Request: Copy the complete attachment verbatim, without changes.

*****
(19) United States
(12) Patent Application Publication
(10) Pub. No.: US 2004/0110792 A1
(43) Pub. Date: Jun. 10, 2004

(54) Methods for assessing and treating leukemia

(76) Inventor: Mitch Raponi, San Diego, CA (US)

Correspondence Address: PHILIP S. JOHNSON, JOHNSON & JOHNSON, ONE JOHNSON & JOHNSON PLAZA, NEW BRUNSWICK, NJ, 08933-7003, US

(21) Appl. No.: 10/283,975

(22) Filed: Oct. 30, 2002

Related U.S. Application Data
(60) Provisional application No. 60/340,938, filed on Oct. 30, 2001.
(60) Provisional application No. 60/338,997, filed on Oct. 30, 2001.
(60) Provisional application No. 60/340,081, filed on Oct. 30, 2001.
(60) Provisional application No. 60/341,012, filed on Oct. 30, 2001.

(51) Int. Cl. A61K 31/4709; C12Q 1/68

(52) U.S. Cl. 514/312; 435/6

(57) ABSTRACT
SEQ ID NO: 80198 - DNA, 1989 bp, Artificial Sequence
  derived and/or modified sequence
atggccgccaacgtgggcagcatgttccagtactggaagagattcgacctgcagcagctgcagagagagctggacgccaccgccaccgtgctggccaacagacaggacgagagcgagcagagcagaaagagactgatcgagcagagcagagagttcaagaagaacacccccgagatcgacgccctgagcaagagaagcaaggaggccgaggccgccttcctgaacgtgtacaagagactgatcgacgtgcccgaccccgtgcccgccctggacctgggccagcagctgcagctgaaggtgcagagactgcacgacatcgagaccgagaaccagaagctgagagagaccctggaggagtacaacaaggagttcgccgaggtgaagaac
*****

(19) United States
(12) Patent Application Publication
(10) Pub. No.: US 2004/0110792 A1
(43) Pub. Date: Jun. 10, 2004

(54) Methods for assessing and treating leukemia

(76) Inventor: Mitch Raponi, San Diego, CA (US)

Correspondence Address: PHILIP S. JOHNSON, JOHNSON & JOHNSON, ONE JOHNSON & JOHNSON PLAZA, NEW BRUNSWICK, NJ, 08933-7003, US

(21) Appl. No.: 10/283,975

(22) Filed: Oct. 30, 2002

Related U.S. Application Data
(60) Provisional application No. 60/340,938, filed on Oct. 30, 2001.
(60) Provisional application No. 60/338,997, filed on Oct. 30, 2001.
(60) Provisional application No. 60/340,081, filed on Oct. 30, 2001.
(60) Provisional application No. 60/341,012, filed on Oct. 30, 2001.

(51) Int. Cl. A61K 31/4709; C12Q 1/68

(52) U.S. Cl. 514/312; 435/6

(57) ABSTRACT
SEQ ID NO: 80198 - DNA, 1989 bp, Artificial Sequence
  derived and/or modified sequence
atggccgccaacgtgggcagcatgttccagtactggaagagattcgacctgcagcagctgcagagagagctggacgccaccgccaccgtgctggccaacagacaggacgagagcgagcagagcagaaagagactgatcgagcagagcagagagttcaagaagaacacccccgagatcgacgccctgagcaagagaagcaaggaggccgaggccgccttcctgaacgtgtacaagagactgatcgacgtgcccgaccccgtgcccgccctggacctgggccagcagctgcagctgaaggtgcagagactgcacgacatcgagaccgagaaccagaagctgagagagaccctggaggagtacaacaaggagttcgccgaggtgaagaac